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What to Do in Kurashiki, The Quaint Merchant Town of Japan
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What to Do in Kurashiki, The Quaint Merchant Town of Japan

Table of contents:
What to Do in Kurashiki
When to Visit Kurashiki
Getting to Kurashiki with the Japan Rail Pass

For travellers seeking a destination with some history and not too many other tourists, Kurashiki will seem like your dream destination. Kurashiki is celebrated for its historical quarter full of canals and interesting mix of cultural attractions but isn’t exactly the sort of place you stumble upon by accident. To visit Kurashiki, you’ll need to venture down to the coast of Japan’s Seto Inland Sea, roughly halfway between Osaka and Hiroshima. But don’t worry, it’s worth it, especially once you know what to do in Kurashiki. And once you’ve read this guide you shouldn’t have any problems on that front.

What to Do in Kurashiki

It’s almost a little surprising how unknown the city of Kurashiki is given all that it has to offer visitors. The best things to do in Kurashiki touch on a nice range of interests, meaning that there should be something for every different type of tourist. Whether you’re interested in history, culture or shopping, Kurashiki has you sorted, as you’ll see from the below activities.

Bikan Historical Quarter

The natural place to start your visit of Kurashiki is with the city’s Bikan Historical Quarter. This beautifully preserved part of the city dates from the Edo Period, when Kurashiki was a major merchant and shipping town. Because it escaped unscathed from World War II, the area boasts many historic storehouses that now house cafes, museums and various stores.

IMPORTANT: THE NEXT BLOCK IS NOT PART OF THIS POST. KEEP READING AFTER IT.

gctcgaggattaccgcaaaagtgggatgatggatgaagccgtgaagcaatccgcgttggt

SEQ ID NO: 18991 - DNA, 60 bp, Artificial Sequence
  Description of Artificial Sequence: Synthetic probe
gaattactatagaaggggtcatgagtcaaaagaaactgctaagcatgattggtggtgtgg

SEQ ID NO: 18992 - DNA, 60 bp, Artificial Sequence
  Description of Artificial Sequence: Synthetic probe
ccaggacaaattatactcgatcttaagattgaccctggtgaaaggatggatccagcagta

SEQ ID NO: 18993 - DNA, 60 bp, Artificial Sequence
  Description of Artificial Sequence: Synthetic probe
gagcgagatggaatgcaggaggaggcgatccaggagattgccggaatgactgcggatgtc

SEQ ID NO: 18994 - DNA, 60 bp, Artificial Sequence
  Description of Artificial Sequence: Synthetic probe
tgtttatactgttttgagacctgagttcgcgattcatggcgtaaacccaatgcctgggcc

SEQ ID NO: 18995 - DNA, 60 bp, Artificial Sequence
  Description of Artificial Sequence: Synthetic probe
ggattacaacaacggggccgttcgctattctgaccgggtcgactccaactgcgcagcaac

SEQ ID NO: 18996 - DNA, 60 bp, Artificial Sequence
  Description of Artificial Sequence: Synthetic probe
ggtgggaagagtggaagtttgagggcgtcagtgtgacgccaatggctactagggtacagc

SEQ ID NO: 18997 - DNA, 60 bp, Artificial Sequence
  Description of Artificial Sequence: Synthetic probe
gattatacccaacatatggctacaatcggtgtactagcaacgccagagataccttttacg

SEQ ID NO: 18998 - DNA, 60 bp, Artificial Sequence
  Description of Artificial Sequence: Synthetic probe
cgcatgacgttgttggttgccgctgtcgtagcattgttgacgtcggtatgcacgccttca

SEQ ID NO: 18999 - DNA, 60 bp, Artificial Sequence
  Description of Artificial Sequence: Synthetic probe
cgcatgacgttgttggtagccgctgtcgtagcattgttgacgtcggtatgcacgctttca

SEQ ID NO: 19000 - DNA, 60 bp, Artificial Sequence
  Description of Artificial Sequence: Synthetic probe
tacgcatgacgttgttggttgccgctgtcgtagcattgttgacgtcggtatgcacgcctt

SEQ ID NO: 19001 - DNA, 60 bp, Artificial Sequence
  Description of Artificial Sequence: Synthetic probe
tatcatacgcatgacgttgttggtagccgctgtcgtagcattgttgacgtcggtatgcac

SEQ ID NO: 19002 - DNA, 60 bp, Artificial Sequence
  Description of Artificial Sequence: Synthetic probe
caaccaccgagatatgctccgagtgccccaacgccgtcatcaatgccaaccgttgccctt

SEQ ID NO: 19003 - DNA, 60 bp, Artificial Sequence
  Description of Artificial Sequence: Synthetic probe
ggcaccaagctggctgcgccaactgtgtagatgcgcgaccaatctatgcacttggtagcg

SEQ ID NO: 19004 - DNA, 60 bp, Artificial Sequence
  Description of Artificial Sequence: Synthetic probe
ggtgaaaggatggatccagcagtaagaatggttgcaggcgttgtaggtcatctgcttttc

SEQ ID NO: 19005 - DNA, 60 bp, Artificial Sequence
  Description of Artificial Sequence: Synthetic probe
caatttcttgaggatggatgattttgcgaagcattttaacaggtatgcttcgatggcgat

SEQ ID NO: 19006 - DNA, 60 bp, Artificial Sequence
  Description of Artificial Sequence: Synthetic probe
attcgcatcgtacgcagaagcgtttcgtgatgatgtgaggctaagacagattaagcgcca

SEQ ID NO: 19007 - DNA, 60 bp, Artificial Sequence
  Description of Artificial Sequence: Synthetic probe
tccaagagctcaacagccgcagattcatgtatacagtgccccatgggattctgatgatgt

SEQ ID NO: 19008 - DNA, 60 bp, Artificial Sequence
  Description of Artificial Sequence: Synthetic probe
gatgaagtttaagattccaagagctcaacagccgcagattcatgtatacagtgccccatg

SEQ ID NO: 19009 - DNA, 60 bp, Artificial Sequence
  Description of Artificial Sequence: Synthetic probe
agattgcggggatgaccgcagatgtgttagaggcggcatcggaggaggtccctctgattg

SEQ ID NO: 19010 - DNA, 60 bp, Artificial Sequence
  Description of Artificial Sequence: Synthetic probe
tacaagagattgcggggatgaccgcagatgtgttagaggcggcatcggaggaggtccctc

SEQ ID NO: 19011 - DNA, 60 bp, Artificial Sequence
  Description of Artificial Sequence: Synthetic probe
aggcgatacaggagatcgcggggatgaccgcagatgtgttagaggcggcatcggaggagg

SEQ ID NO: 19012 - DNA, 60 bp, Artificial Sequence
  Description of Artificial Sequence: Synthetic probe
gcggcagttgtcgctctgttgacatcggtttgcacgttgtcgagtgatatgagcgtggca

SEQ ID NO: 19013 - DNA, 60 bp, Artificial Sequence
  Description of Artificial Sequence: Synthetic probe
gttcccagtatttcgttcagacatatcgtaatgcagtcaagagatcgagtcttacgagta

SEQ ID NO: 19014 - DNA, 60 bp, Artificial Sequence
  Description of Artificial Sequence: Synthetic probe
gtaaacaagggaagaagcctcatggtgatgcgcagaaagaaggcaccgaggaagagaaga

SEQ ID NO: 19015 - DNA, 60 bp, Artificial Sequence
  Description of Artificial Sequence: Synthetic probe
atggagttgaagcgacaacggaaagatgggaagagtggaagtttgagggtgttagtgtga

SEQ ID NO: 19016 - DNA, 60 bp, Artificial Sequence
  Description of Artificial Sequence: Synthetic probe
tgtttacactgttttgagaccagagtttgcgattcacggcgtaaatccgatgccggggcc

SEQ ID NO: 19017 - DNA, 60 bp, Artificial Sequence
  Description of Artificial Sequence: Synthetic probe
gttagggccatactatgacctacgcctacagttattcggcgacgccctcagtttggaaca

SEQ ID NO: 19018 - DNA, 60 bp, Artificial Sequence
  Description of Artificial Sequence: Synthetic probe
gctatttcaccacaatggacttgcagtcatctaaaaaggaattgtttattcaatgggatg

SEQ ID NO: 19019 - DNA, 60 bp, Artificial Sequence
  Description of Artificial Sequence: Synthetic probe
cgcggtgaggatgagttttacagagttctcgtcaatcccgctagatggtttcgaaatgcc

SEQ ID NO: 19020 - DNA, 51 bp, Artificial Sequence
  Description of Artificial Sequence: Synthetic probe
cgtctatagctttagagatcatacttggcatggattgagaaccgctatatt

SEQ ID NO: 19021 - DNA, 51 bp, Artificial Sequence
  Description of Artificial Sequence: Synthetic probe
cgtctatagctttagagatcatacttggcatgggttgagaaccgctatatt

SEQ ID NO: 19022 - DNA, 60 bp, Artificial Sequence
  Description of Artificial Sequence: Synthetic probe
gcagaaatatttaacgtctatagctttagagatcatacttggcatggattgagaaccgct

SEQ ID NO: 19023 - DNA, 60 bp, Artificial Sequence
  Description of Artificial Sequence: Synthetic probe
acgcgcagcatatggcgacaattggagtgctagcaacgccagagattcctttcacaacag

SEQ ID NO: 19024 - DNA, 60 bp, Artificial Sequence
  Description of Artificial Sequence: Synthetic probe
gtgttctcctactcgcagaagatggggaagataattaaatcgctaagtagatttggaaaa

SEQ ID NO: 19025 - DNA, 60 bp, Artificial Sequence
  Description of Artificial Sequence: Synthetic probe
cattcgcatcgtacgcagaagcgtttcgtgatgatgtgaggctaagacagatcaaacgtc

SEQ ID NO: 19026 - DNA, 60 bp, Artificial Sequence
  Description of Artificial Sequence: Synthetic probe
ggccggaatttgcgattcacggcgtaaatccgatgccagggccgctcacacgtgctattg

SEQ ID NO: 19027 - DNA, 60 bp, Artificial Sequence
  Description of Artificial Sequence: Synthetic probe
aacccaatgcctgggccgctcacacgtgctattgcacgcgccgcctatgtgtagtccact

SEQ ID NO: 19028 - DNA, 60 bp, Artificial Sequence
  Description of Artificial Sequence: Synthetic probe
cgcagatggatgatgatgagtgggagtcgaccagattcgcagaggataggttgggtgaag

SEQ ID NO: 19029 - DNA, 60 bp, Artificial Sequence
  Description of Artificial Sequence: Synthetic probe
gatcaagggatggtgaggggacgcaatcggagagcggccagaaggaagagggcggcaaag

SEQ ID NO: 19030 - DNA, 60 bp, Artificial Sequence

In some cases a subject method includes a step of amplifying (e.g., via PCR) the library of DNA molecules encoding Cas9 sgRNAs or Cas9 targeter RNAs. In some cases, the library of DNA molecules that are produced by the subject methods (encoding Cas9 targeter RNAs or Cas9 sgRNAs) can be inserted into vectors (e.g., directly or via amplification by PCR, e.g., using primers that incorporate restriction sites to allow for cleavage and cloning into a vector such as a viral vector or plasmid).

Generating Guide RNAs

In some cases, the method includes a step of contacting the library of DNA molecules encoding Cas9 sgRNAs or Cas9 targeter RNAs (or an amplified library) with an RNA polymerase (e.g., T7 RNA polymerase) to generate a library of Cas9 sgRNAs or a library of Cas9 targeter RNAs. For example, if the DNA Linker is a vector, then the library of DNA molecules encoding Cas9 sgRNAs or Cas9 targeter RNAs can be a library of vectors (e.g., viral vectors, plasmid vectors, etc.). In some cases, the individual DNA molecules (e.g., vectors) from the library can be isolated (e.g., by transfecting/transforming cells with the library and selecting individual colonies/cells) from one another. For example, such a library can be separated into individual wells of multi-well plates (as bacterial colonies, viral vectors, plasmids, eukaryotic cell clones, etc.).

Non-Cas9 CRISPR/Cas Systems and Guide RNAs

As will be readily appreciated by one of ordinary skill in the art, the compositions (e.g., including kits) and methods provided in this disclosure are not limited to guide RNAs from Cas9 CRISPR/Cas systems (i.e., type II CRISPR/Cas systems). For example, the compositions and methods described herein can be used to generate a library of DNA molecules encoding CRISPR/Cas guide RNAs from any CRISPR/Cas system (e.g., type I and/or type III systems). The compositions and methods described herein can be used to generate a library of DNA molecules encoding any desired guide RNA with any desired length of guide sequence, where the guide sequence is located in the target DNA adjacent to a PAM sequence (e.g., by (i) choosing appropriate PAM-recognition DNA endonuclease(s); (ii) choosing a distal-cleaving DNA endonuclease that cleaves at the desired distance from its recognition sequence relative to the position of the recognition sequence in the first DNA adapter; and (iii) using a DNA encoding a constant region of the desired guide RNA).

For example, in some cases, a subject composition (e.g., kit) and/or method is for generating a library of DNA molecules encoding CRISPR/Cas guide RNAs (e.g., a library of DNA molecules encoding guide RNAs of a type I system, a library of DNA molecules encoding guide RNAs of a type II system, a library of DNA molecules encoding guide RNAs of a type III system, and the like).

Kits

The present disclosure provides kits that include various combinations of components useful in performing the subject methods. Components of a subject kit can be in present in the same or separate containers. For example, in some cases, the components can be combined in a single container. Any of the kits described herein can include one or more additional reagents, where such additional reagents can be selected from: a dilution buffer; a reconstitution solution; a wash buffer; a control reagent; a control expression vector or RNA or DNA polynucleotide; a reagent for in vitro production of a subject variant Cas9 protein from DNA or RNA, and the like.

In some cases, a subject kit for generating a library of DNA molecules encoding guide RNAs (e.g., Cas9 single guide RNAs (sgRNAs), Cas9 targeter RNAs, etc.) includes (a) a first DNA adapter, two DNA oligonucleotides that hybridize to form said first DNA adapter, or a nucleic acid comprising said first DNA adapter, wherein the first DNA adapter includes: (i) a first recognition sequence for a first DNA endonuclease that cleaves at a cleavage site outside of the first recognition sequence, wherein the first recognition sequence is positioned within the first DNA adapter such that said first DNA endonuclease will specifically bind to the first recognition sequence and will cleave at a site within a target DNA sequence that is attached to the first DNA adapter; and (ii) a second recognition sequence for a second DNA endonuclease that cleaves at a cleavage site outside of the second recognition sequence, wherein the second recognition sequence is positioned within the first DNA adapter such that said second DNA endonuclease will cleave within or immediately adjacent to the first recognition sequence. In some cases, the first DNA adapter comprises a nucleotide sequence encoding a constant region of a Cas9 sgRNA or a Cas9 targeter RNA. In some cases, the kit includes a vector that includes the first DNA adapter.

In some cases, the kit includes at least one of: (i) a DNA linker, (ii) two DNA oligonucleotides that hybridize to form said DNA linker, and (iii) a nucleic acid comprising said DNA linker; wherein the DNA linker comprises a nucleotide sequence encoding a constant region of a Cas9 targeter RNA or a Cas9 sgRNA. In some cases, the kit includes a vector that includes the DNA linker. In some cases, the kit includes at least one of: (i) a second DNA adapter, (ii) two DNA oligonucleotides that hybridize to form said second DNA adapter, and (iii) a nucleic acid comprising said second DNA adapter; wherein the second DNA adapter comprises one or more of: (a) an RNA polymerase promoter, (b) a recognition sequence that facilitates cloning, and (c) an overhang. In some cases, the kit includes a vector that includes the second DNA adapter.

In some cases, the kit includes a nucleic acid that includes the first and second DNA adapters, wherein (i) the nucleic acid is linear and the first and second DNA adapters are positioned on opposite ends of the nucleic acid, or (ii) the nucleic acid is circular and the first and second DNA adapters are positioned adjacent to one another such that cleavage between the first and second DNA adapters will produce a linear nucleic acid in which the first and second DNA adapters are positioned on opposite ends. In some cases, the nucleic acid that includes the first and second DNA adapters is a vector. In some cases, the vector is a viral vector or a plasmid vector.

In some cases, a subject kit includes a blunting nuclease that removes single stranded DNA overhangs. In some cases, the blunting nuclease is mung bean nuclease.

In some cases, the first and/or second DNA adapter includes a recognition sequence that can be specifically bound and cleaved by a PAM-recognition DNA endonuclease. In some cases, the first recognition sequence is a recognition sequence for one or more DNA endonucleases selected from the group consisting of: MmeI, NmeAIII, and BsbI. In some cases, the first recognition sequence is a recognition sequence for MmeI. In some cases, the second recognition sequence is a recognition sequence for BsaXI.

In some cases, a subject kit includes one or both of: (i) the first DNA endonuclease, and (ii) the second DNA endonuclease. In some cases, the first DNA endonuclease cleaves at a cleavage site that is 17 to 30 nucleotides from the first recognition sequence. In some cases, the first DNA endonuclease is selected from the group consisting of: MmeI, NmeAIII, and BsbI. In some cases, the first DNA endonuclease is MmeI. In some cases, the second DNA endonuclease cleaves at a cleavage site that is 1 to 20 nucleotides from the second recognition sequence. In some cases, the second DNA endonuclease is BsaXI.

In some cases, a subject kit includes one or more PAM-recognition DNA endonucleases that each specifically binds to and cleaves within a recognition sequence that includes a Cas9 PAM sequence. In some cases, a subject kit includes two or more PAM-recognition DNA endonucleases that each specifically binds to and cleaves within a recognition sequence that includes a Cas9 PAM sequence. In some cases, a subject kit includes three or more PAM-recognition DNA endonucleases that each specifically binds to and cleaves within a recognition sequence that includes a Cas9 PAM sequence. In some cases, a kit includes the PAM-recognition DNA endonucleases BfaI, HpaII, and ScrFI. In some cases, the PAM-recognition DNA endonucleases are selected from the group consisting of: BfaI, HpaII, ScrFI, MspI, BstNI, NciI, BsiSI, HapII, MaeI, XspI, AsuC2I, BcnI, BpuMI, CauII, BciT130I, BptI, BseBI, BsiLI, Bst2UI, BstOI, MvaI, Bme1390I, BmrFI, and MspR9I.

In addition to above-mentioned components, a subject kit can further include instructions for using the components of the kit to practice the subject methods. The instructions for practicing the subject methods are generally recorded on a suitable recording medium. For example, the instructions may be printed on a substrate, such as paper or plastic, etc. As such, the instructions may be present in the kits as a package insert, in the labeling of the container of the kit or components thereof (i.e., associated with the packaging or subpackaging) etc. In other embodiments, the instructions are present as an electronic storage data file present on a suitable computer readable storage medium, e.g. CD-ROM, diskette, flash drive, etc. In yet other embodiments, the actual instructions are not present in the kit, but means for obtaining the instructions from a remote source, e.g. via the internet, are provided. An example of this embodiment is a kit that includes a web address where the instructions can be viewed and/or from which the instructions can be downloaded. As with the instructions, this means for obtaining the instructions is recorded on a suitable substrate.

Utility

The quarter also features the old canal system that linked the storehouses to the city’s port and with weeping willow trees along their banks, it’s certainly a beautiful sight to see. You can even take a boat trip where you’re gently rowed along as the scenery passes by.
 Beyond just the general character of the Bikan Historical Quarter, you’ll also find many of the best places to visit in Kurashiki, making it an essential stop for tourists.

Ohashi House

Of the many historic buildings found in the vicinity of the Kurashiki Bikan Historical Quarter, one that you can visit is the Ohashi House. This house built in 1796 once housed the Ohashi family of merchants and is a classic example of what homes looked like for wealthy traders in that period. Visiting inside the house gives you a great sense of what life would have been like here, as you’ll find traditional tatami mats on the floor and rooms divided by sliding doors.

Ohara Museum of Art

An unlikely attraction in this part of Kurashiki is the Ohara Museum of Art, the first museum of Western art in Japan. Housed inside a Neoclassical building that plainly stands out, the museum opened in 1930 and features international works by such names as Monet, Rodin and Pollock. Exploring its main gallery, you’ll find paintings from various western nationalities and time periods, making it both eclectic and impressive.